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This article is about the 4th-century saint. For other uses, see Saint Nicholas (disambiguation).
"San Nicola" redirects here. For other uses, see San Nicola (disambiguation).
Russian icon depicting St Nicholas with scenes from his life. Late 15th century or early 16th century. National Museum, Stockholm.
|Defender of Orthodoxy, Wonderworker, Holy Hierarch, Bishop of Myra|
|Born||(270-03-15)15 March 270|
Patara, Roman Empire
|Died||6 December 343(343-12-06) (aged 73)|
Myra, Roman Empire
|Venerated in||Anglicanism, Baptist, Catholicism, Eastern Orthodoxy, Oriental Orthodoxy, Lutheranism, Methodism, Reformed|
|Major shrine||Basilica di San Nicola, Bari, Italy|
|Feast||6 December [O.S. 19 December] (main feast day – Saint Nicholas Day)|
9 May [O.S. 22 May] (translation of relics)
|Attributes||Vested as a Bishop. In Eastern Christianity, wearing an omophorion and holding a Gospel Book. Sometimes shown with Jesus Christ over one shoulder, holding a Gospel Book, and with the Theotokos over the other shoulder, holding an omophorion|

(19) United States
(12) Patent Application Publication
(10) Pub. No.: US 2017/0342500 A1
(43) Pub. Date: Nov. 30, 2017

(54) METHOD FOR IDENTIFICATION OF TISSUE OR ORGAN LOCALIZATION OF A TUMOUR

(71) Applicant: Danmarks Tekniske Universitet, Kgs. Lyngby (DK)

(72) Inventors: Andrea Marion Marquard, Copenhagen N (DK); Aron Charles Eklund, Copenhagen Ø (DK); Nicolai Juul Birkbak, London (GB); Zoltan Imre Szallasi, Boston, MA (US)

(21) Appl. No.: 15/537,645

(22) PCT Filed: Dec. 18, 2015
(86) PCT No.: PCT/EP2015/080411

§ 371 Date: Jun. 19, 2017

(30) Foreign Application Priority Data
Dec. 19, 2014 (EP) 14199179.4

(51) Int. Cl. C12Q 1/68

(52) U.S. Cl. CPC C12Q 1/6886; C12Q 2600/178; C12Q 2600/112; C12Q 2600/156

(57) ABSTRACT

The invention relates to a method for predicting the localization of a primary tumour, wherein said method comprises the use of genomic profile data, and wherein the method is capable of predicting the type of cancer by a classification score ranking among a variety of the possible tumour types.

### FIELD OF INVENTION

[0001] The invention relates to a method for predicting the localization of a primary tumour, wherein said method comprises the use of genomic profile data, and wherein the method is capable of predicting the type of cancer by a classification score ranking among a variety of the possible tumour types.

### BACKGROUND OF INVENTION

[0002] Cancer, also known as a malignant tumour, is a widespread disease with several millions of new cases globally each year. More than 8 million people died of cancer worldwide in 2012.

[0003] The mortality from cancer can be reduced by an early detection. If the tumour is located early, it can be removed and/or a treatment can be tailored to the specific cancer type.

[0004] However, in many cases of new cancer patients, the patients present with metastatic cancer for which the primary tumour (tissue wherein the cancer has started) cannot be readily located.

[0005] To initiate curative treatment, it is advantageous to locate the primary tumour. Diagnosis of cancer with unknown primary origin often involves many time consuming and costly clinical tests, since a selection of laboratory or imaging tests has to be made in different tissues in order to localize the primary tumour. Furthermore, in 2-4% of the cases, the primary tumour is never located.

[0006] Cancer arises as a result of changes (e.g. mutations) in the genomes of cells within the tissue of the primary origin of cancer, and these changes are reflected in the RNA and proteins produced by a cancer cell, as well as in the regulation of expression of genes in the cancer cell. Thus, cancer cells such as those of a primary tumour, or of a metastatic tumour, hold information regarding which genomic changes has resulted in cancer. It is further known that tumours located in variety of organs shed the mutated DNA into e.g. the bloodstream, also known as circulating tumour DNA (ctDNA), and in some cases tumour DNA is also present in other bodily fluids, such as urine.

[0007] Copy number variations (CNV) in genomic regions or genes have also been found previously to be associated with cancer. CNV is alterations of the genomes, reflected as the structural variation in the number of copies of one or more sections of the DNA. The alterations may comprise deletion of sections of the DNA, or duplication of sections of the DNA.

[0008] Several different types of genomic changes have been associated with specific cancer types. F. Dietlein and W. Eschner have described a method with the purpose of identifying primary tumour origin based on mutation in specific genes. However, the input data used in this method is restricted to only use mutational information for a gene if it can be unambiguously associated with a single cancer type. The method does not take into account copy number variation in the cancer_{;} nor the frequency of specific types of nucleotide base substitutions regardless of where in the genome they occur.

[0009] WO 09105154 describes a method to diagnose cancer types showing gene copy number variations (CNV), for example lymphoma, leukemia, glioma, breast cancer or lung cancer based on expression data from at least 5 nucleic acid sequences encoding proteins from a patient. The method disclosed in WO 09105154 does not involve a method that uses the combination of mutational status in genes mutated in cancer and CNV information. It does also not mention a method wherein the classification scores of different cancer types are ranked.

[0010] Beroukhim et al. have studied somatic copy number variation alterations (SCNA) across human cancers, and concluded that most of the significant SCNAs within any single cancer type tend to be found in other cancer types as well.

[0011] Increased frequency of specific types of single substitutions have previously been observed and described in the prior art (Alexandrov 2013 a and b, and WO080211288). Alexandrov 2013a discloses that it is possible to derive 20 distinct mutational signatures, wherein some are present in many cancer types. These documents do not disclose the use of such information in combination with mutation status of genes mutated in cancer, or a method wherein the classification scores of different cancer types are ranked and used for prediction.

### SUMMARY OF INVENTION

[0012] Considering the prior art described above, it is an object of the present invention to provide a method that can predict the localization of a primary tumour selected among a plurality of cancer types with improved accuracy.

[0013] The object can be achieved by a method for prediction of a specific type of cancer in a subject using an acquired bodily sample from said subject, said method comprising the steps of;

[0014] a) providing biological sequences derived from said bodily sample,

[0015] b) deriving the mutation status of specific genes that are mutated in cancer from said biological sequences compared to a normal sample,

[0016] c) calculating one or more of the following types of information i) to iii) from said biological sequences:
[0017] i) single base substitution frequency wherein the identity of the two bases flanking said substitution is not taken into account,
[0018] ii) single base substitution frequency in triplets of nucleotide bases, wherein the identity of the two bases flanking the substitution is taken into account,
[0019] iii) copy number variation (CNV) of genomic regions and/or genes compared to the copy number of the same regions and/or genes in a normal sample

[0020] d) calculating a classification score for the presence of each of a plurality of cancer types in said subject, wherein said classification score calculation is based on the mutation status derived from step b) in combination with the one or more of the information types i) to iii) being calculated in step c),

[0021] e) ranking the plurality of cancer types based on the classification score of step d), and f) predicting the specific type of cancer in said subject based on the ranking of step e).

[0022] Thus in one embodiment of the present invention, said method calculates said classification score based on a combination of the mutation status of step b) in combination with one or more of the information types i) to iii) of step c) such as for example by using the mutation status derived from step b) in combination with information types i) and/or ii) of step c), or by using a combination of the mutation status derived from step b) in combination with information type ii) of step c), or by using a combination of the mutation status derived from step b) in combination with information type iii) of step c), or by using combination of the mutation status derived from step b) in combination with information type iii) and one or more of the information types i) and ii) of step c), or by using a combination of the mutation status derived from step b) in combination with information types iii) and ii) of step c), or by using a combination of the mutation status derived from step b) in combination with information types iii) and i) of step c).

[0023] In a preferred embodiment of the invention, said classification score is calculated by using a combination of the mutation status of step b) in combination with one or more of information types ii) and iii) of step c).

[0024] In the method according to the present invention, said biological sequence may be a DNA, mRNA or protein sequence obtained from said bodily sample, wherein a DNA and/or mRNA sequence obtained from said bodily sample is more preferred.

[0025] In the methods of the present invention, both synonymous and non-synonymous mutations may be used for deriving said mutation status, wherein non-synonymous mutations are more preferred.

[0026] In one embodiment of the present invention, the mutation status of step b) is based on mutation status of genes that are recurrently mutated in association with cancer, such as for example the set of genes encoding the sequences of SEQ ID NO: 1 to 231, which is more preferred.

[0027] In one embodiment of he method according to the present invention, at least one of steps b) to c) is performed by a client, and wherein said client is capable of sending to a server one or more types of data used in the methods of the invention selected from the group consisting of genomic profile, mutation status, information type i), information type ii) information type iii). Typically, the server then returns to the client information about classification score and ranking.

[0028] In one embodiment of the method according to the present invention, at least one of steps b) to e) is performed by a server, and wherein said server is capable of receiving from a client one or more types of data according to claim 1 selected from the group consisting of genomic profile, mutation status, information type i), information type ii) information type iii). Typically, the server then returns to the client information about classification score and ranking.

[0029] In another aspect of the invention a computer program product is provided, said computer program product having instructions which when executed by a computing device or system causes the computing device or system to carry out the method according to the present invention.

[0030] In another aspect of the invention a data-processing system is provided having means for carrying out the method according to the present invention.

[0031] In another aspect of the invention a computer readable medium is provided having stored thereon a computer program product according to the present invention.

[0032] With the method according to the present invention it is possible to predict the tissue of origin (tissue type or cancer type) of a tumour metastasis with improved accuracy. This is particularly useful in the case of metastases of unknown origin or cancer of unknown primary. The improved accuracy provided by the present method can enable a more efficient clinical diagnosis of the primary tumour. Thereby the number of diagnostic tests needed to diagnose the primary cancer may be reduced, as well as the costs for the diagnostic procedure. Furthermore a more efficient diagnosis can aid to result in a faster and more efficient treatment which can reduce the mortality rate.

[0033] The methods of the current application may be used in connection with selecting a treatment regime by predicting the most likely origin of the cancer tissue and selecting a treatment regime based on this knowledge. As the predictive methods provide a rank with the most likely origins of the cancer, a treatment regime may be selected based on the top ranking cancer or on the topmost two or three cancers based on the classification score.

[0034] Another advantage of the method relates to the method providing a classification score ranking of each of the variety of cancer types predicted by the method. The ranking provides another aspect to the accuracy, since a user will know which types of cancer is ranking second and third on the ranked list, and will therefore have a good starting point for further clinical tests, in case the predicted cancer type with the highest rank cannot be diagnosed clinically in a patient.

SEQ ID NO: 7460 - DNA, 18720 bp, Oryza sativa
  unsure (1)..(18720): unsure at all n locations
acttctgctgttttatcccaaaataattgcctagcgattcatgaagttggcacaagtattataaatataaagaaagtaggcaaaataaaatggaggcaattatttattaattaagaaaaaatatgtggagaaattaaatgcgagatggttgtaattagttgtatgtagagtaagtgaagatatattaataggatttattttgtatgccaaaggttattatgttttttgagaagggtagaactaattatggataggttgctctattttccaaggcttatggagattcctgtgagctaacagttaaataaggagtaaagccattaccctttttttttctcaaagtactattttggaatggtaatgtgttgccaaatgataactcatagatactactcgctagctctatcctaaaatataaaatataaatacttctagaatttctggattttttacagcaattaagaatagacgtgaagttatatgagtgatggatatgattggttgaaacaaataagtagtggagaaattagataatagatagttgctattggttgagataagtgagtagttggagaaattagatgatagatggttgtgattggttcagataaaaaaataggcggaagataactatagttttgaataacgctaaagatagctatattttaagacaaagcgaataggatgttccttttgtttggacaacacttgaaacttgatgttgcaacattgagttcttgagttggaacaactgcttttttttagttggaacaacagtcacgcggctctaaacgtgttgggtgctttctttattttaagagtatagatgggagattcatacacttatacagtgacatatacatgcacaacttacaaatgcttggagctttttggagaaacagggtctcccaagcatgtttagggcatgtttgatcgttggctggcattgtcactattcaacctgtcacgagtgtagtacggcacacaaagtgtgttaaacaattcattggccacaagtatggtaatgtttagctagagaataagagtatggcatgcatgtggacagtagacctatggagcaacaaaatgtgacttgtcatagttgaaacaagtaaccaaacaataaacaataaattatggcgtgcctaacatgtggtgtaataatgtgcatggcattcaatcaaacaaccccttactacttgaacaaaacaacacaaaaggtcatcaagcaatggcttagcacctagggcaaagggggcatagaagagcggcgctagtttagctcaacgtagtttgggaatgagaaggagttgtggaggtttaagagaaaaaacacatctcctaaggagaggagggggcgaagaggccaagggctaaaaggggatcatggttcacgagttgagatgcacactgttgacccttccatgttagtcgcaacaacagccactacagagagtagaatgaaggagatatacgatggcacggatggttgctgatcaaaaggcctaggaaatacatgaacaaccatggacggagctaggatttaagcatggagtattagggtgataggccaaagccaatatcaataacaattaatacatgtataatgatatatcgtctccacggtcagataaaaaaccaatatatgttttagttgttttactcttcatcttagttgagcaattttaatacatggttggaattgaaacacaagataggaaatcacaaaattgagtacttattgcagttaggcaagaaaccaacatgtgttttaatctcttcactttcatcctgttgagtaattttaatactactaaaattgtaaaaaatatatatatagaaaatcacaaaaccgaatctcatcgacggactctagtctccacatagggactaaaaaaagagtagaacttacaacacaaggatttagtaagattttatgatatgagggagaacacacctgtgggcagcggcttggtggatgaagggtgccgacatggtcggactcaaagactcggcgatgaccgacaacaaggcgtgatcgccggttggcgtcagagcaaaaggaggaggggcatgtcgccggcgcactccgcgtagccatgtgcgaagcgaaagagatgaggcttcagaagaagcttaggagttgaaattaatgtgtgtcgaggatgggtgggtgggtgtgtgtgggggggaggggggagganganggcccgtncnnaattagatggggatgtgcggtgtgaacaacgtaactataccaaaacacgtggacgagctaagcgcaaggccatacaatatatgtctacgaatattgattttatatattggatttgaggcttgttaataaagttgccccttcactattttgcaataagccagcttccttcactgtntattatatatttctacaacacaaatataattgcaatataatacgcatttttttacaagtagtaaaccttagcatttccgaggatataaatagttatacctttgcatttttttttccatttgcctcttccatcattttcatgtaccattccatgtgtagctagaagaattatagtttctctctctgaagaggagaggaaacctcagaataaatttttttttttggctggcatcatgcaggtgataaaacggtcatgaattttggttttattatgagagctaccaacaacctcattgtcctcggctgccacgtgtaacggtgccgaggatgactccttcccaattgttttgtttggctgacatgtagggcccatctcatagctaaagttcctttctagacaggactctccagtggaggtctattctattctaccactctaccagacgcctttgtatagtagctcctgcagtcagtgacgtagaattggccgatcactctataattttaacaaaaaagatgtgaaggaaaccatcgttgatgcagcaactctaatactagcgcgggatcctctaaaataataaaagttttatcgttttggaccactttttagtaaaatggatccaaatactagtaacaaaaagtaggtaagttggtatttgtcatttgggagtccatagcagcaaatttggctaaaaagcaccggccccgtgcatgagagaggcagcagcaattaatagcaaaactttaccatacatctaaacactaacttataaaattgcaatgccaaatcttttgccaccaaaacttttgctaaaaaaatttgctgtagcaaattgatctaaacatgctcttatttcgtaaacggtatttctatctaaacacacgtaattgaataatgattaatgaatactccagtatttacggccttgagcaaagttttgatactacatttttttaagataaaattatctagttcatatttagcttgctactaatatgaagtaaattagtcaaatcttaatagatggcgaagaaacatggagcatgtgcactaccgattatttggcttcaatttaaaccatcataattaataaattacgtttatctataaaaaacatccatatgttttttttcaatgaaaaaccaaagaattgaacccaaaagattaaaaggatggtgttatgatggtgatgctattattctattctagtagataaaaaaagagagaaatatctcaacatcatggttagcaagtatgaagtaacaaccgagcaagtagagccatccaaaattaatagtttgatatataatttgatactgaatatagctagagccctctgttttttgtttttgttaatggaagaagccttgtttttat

|Patronage||Children, coopers, sailors, fishermen, merchants, broadcasters, the falsely accused, repentant thieves, brewers, pharmacists, archers, pawnbrokers, Aberdeen, Galway, Russia, Greece, Hellenic Navy, Liverpool, Bari, Siggiewi, Moscow, Amsterdam, Lorraine and Duchy of Lorraine.|
The historical Saint Nicholas is commemorated and revered among Anglican, Catholic, Lutheran, and Orthodox Christians. In addition, some Baptist, Methodist, Presbyterian, and other Reformed churches have been named in honor of Saint Nicholas. Saint Nicholas is the patron saint of sailors, merchants, archers, repentant thieves, children, brewers, pawnbrokers and students in various cities and countries around Europe.
The historical Saint Nicholas, as known from strict history: He was born at Patara, Lycia in Asia Minor (now Turkey). In his youth he made a pilgrimage to Egypt and the Palestine area. Shortly after his return he became Bishop of Myra and was later cast into prison during the persecution of Diocletian. He was released after the accession of Constantine and was present at the Council of Nicaea. In 1087, Italian merchants stole his body from Myra, bringing it to Bari in Italy.